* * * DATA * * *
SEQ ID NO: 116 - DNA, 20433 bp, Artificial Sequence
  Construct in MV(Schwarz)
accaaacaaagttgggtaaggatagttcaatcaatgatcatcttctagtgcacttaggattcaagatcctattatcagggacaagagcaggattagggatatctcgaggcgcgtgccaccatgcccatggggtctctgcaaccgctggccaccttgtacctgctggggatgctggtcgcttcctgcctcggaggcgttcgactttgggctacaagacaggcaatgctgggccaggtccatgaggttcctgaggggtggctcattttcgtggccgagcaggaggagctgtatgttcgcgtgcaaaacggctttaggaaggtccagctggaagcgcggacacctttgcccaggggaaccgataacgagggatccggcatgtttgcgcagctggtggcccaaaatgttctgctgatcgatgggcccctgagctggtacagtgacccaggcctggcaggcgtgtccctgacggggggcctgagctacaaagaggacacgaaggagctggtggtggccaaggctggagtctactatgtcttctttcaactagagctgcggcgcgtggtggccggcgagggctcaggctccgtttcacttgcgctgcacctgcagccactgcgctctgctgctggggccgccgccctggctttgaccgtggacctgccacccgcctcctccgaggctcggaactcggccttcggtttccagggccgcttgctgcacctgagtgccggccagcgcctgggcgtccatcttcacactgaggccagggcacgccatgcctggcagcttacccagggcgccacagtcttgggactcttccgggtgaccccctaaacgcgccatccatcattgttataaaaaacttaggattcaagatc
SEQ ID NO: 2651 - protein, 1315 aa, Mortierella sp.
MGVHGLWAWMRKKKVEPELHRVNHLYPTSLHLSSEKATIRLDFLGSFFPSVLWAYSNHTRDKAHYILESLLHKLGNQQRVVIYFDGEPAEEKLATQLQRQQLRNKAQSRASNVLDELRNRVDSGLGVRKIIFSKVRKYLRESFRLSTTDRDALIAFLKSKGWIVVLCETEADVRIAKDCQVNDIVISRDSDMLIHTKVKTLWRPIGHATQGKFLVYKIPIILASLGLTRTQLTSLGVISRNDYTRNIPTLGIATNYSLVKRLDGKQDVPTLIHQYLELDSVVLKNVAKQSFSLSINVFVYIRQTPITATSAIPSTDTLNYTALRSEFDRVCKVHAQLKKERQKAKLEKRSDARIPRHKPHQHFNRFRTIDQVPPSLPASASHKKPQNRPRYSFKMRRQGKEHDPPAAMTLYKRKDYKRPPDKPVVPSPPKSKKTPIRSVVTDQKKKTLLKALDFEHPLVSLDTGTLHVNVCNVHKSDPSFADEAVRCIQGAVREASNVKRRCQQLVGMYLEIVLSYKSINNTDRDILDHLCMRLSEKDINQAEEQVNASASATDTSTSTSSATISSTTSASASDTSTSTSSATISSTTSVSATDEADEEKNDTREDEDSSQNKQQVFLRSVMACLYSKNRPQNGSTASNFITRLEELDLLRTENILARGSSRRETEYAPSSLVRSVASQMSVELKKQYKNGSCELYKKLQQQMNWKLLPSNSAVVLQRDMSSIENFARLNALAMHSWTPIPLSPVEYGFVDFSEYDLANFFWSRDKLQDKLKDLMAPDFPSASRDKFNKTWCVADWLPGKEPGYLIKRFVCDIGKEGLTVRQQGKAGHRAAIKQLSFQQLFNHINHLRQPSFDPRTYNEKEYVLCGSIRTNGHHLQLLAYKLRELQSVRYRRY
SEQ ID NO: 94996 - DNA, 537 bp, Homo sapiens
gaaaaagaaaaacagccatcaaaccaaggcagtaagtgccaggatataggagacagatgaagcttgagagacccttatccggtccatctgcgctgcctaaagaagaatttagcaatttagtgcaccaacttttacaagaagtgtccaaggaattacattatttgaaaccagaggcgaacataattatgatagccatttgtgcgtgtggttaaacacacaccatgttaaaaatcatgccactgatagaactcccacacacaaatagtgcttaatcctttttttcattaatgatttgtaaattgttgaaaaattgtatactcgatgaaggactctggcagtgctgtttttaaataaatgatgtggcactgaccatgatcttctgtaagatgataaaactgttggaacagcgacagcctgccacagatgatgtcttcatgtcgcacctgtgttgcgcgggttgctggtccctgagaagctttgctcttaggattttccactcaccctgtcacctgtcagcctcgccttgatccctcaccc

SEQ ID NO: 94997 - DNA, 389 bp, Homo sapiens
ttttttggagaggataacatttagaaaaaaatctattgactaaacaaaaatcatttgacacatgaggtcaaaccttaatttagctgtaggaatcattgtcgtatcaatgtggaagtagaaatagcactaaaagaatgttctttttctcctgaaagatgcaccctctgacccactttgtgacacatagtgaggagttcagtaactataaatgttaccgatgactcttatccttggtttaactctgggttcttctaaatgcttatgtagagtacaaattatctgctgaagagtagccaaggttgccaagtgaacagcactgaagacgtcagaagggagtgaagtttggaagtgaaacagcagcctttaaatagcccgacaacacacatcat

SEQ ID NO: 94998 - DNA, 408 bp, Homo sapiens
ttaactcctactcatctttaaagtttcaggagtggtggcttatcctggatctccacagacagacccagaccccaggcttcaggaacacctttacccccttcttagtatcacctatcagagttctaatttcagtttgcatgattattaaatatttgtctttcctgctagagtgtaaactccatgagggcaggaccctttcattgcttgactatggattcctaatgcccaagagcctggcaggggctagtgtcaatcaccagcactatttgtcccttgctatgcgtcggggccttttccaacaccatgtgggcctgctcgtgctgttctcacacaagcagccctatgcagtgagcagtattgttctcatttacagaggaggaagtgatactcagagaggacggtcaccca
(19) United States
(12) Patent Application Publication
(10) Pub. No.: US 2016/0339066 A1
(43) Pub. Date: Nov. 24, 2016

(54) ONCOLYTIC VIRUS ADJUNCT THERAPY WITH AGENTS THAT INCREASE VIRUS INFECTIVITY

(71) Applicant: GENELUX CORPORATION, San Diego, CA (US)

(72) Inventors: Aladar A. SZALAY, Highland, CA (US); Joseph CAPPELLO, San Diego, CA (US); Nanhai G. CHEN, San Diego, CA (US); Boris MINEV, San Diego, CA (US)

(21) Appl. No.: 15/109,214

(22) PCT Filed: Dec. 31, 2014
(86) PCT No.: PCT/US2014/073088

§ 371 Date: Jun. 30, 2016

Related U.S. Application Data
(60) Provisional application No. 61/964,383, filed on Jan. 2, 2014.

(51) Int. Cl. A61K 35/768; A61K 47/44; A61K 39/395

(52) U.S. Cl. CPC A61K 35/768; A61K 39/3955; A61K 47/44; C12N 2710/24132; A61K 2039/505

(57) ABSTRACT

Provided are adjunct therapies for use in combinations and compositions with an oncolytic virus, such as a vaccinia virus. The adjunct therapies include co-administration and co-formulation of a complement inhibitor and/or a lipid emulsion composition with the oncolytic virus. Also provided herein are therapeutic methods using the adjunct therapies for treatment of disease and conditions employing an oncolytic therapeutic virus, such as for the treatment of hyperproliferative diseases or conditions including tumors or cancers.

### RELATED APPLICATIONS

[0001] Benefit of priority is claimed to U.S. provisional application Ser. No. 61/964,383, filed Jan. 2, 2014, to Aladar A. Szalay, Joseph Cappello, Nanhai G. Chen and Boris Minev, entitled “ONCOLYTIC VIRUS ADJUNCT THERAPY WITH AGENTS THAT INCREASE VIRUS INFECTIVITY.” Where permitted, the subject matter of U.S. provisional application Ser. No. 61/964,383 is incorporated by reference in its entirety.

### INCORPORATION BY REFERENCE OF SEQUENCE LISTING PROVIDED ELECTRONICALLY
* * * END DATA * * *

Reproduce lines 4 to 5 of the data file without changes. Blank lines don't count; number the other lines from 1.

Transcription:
SEQ ID NO: 2651 - protein, 1315 aa, Mortierella sp.
MGVHGLWAWMRKKKVEPELHRVNHLYPTSLHLSSEKATIRLDFLGSFFPSVLWAYSNHTRDKAHYILESLLHKLGNQQRVVIYFDGEPAEEKLATQLQRQQLRNKAQSRASNVLDELRNRVDSGLGVRKIIFSKVRKYLRESFRLSTTDRDALIAFLKSKGWIVVLCETEADVRIAKDCQVNDIVISRDSDMLIHTKVKTLWRPIGHATQGKFLVYKIPIILASLGLTRTQLTSLGVISRNDYTRNIPTLGIATNYSLVKRLDGKQDVPTLIHQYLELDSVVLKNVAKQSFSLSINVFVYIRQTPITATSAIPSTDTLNYTALRSEFDRVCKVHAQLKKERQKAKLEKRSDARIPRHKPHQHFNRFRTIDQVPPSLPASASHKKPQNRPRYSFKMRRQGKEHDPPAAMTLYKRKDYKRPPDKPVVPSPPKSKKTPIRSVVTDQKKKTLLKALDFEHPLVSLDTGTLHVNVCNVHKSDPSFADEAVRCIQGAVREASNVKRRCQQLVGMYLEIVLSYKSINNTDRDILDHLCMRLSEKDINQAEEQVNASASATDTSTSTSSATISSTTSASASDTSTSTSSATISSTTSVSATDEADEEKNDTREDEDSSQNKQQVFLRSVMACLYSKNRPQNGSTASNFITRLEELDLLRTENILARGSSRRETEYAPSSLVRSVASQMSVELKKQYKNGSCELYKKLQQQMNWKLLPSNSAVVLQRDMSSIENFARLNALAMHSWTPIPLSPVEYGFVDFSEYDLANFFWSRDKLQDKLKDLMAPDFPSASRDKFNKTWCVADWLPGKEPGYLIKRFVCDIGKEGLTVRQQGKAGHRAAIKQLSFQQLFNHINHLRQPSFDPRTYNEKEYVLCGSIRTNGHHLQLLAYKLRELQSVRYRRY